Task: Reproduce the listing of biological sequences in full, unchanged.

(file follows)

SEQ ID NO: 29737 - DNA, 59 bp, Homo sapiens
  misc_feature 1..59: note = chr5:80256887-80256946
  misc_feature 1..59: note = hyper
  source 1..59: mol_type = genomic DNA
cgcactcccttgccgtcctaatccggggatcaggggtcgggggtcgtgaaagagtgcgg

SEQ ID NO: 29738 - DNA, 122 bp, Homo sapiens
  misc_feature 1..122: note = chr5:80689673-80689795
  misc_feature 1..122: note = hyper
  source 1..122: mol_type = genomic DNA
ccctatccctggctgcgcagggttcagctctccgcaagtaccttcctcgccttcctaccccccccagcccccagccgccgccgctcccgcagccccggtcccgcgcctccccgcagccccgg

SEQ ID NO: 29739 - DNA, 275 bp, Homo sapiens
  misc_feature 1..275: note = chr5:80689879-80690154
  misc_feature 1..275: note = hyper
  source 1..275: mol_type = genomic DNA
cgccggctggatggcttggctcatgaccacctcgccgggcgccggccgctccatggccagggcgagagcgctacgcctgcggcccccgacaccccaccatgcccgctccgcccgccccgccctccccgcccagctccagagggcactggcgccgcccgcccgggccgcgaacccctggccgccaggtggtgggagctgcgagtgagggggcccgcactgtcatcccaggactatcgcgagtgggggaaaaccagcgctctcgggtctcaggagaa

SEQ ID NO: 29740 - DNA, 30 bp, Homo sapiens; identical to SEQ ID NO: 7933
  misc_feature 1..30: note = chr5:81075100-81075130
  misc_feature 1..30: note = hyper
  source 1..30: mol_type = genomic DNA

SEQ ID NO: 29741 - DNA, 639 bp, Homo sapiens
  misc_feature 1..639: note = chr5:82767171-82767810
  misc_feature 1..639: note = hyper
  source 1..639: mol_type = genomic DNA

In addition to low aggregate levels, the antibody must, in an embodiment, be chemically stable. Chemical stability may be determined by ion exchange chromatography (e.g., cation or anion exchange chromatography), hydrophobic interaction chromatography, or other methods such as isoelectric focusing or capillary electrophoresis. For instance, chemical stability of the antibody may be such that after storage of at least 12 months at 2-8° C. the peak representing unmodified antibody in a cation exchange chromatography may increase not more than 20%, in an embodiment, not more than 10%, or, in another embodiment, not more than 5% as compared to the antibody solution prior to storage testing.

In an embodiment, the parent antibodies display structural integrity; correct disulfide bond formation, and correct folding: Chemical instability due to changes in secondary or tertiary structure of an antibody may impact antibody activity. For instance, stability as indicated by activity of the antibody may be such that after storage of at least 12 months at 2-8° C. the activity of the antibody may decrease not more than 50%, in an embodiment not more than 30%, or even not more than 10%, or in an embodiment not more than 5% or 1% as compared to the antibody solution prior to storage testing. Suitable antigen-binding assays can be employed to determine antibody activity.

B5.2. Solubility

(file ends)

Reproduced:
SEQ ID NO: 29737 - DNA, 59 bp, Homo sapiens
  misc_feature 1..59: note = chr5:80256887-80256946
  misc_feature 1..59: note = hyper
  source 1..59: mol_type = genomic DNA
cgcactcccttgccgtcctaatccggggatcaggggtcgggggtcgtgaaagagtgcgg

SEQ ID NO: 29738 - DNA, 122 bp, Homo sapiens
  misc_feature 1..122: note = chr5:80689673-80689795
  misc_feature 1..122: note = hyper
  source 1..122: mol_type = genomic DNA
ccctatccctggctgcgcagggttcagctctccgcaagtaccttcctcgccttcctaccccccccagcccccagccgccgccgctcccgcagccccggtcccgcgcctccccgcagccccgg

SEQ ID NO: 29739 - DNA, 275 bp, Homo sapiens
  misc_feature 1..275: note = chr5:80689879-80690154
  misc_feature 1..275: note = hyper
  source 1..275: mol_type = genomic DNA
cgccggctggatggcttggctcatgaccacctcgccgggcgccggccgctccatggccagggcgagagcgctacgcctgcggcccccgacaccccaccatgcccgctccgcccgccccgccctccccgcccagctccagagggcactggcgccgcccgcccgggccgcgaacccctggccgccaggtggtgggagctgcgagtgagggggcccgcactgtcatcccaggactatcgcgagtgggggaaaaccagcgctctcgggtctcaggagaa

SEQ ID NO: 29740 - DNA, 30 bp, Homo sapiens; identical to SEQ ID NO: 7933
  misc_feature 1..30: note = chr5:81075100-81075130
  misc_feature 1..30: note = hyper
  source 1..30: mol_type = genomic DNA

SEQ ID NO: 29741 - DNA, 639 bp, Homo sapiens
  misc_feature 1..639: note = chr5:82767171-82767810
  misc_feature 1..639: note = hyper
  source 1..639: mol_type = genomic DNA

In addition to low aggregate levels, the antibody must, in an embodiment, be chemically stable. Chemical stability may be determined by ion exchange chromatography (e.g., cation or anion exchange chromatography), hydrophobic interaction chromatography, or other methods such as isoelectric focusing or capillary electrophoresis. For instance, chemical stability of the antibody may be such that after storage of at least 12 months at 2-8° C. the peak representing unmodified antibody in a cation exchange chromatography may increase not more than 20%, in an embodiment, not more than 10%, or, in another embodiment, not more than 5% as compared to the antibody solution prior to storage testing.

In an embodiment, the parent antibodies display structural integrity; correct disulfide bond formation, and correct folding: Chemical instability due to changes in secondary or tertiary structure of an antibody may impact antibody activity. For instance, stability as indicated by activity of the antibody may be such that after storage of at least 12 months at 2-8° C. the activity of the antibody may decrease not more than 50%, in an embodiment not more than 30%, or even not more than 10%, or in an embodiment not more than 5% or 1% as compared to the antibody solution prior to storage testing. Suitable antigen-binding assays can be employed to determine antibody activity.

B5.2. Solubility